Of the troubled companies in the wake of the financial crisis AIG (NYSE:AIG) was the most troubled. It received a staggering $182.3 billion in bailout money, and few people believed it would ever be able to pay the country back. But it did. The government even turned a $22.7 billion profit on its investment. Steering the company back to health even as, by the end, he himself was fighting a losing battle with lung cancer was Robert Benmosché, the company's fifth CEO in as many years.
Good for the Money: My Fight to Pay Back America (St. Martin's Press, 2016) is Benmosché's posthumous autobiography, written with Peter Marks and Valerie Hendy. As the title indicates, the book focuses on his time at AIG. But his success at AIG would be hard to understand without knowing where he came from, how he developed his ability to say "Fuck you, I'm going to do what I want whether you like it or not."
As a 12-year-old child he learned what it was like to live without a bailout plan when his father died suddenly, leaving behind a debt in today's dollars of about $2.2 million that he had borrowed to build a motel in Monticello, New York. Keeping up with the payments became a family affair, and Bob, the eldest of four children, helped out managing the motel and stocking shelves in a local supermarket. A rambunctious boy with little interest in school, in his sophomore year he was shipped off to military school - the same school Donald Trump attended, a year behind Benmosché. "With hand-me-down threads, a job in the academy's dining room and a restless spirit," he started a new chapter in his life, though with the same aversion to academics. What interested him was making money, achieving financial freedom. What he became good at was tackling complex business issues and pointing employees in the direction of a positive outcome.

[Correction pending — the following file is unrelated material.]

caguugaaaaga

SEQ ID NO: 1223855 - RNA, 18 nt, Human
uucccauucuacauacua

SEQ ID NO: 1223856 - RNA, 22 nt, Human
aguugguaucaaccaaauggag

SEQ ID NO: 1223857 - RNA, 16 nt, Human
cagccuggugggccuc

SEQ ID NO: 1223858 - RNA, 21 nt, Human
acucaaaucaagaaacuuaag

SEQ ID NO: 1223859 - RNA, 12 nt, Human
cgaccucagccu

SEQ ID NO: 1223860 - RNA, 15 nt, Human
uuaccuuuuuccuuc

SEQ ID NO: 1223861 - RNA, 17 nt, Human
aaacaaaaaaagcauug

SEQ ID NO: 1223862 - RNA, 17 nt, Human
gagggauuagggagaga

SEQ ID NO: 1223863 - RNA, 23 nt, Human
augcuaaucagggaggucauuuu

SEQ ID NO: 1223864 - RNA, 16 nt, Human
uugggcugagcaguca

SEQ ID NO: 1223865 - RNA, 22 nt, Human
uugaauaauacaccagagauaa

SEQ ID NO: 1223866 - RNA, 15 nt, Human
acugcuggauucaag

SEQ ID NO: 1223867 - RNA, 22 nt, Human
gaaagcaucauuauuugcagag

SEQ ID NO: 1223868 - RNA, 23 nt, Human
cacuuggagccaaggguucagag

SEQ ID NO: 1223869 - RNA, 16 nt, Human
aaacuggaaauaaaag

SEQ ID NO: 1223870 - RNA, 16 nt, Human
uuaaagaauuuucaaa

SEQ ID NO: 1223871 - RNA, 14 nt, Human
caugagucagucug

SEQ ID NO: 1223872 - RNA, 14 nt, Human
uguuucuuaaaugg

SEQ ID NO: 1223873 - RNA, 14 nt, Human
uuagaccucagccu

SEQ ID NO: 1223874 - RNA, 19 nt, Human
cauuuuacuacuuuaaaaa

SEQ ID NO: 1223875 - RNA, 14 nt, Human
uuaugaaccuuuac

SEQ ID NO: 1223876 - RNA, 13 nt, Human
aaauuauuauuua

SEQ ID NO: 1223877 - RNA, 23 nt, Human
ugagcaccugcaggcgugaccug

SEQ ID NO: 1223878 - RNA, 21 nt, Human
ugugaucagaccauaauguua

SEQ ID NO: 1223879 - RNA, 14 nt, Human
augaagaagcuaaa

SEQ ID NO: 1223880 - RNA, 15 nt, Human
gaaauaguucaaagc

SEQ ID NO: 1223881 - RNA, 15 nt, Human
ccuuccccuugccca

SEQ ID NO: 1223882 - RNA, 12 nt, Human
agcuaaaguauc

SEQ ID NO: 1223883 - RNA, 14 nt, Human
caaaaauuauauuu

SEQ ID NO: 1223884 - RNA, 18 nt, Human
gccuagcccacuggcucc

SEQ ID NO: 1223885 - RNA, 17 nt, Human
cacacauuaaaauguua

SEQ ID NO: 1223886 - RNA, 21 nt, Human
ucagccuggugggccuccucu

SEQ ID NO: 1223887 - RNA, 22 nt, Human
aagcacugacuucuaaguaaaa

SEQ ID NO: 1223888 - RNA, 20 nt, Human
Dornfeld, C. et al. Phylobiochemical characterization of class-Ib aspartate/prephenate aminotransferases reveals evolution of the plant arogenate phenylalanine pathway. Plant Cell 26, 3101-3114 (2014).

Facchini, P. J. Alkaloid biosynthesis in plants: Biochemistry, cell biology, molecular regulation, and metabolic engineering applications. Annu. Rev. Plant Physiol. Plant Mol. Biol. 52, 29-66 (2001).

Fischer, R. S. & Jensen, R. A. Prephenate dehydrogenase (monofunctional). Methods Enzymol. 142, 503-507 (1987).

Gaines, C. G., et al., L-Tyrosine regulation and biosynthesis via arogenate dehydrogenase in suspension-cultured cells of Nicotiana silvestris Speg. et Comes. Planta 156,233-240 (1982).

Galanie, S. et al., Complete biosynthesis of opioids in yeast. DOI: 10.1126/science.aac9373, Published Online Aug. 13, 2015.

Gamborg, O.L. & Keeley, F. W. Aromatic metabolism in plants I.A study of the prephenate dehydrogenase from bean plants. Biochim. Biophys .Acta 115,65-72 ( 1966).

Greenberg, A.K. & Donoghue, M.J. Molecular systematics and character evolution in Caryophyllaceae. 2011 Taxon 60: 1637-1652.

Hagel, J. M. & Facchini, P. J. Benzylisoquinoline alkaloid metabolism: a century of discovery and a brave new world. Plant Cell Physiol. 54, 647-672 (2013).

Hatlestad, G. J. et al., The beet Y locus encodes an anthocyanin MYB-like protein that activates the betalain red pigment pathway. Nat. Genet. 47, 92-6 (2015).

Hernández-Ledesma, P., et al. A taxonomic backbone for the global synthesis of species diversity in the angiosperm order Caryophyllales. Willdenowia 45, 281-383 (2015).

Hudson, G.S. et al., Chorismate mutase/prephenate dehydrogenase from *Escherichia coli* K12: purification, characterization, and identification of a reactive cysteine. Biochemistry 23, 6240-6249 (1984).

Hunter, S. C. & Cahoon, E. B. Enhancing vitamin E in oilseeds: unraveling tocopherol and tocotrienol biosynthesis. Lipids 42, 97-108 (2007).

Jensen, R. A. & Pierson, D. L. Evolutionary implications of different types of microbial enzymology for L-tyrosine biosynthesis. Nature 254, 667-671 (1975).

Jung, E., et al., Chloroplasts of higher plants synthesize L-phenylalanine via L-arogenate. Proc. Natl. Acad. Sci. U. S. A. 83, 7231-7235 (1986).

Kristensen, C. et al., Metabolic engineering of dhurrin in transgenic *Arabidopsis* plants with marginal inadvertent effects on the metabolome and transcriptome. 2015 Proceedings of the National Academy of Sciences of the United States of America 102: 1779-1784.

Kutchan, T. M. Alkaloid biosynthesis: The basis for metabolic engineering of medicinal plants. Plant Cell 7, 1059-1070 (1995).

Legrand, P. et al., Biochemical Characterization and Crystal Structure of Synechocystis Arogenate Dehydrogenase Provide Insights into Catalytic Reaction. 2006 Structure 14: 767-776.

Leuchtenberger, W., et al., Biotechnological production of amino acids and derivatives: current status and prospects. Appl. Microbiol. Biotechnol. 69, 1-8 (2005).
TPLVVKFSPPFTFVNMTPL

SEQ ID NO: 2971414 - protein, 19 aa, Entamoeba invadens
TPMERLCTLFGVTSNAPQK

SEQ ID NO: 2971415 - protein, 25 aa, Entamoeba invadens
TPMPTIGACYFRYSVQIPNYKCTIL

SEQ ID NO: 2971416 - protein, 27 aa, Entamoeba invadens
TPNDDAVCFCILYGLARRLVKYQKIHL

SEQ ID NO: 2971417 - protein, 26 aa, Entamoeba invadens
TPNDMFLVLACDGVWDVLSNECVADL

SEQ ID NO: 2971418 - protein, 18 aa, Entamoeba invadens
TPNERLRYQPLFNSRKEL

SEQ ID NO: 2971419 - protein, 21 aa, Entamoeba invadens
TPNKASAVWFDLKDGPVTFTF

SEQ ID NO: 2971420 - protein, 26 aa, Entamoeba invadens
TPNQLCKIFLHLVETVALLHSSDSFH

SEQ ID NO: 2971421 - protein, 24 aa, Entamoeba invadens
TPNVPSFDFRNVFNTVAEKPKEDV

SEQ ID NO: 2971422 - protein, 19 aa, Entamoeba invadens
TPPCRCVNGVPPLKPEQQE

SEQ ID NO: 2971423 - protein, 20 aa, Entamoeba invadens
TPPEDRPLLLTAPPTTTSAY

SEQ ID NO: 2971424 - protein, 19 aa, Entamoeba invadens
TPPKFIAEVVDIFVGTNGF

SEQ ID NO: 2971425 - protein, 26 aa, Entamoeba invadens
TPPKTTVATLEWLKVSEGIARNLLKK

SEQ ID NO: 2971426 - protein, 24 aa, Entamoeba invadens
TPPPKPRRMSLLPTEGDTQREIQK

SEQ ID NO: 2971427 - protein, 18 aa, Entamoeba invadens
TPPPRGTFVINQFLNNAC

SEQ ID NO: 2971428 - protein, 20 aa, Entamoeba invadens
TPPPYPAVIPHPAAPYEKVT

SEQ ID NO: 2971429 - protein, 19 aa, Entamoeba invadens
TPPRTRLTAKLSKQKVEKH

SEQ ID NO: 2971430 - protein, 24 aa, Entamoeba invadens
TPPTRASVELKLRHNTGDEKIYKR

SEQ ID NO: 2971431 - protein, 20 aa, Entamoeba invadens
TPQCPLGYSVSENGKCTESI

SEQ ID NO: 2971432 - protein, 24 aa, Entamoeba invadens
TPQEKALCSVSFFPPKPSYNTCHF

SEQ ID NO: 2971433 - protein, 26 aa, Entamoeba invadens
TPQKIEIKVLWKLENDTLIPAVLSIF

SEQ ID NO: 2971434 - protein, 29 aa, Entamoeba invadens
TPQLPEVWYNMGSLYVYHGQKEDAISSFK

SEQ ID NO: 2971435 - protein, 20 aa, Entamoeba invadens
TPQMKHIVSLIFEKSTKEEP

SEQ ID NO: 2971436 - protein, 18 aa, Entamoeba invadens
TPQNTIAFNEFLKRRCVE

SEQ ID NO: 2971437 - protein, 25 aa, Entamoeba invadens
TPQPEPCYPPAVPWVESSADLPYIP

Fast forward through his years at Alfred University and various jobs at consulting firms, banks, brokerages, and eventually as CEO of MetLife. He retired at the age of 62 with the prospect of spending his golden years in the villa on the Dalmatian coast he had refurbished, tending to his vineyards in Dubrovnik and managing his investments via Yahoo Finance.
But then came AIG. That Benmosché managed to turn AIG around was something of a miracle. He had the government breathing down his neck, wanting him to sell assets quickly, even if at fire sale prices. He had an uncooperative board and a hostile chairman. The press was scrutinizing and criticizing his every move. AIG's employees were demoralized, some had already left what they considered a sinking ship.
Benmosché called on his outsize personality (he was called crazy, scary, bombastic) and his keen business acumen to navigate the treacherous corporate and government waters. A more restrained CEO could never have made the company's lenders whole.
Good for the Money is one of those books that has you cheering and booing. It is a fitting tribute to Benmosché's life.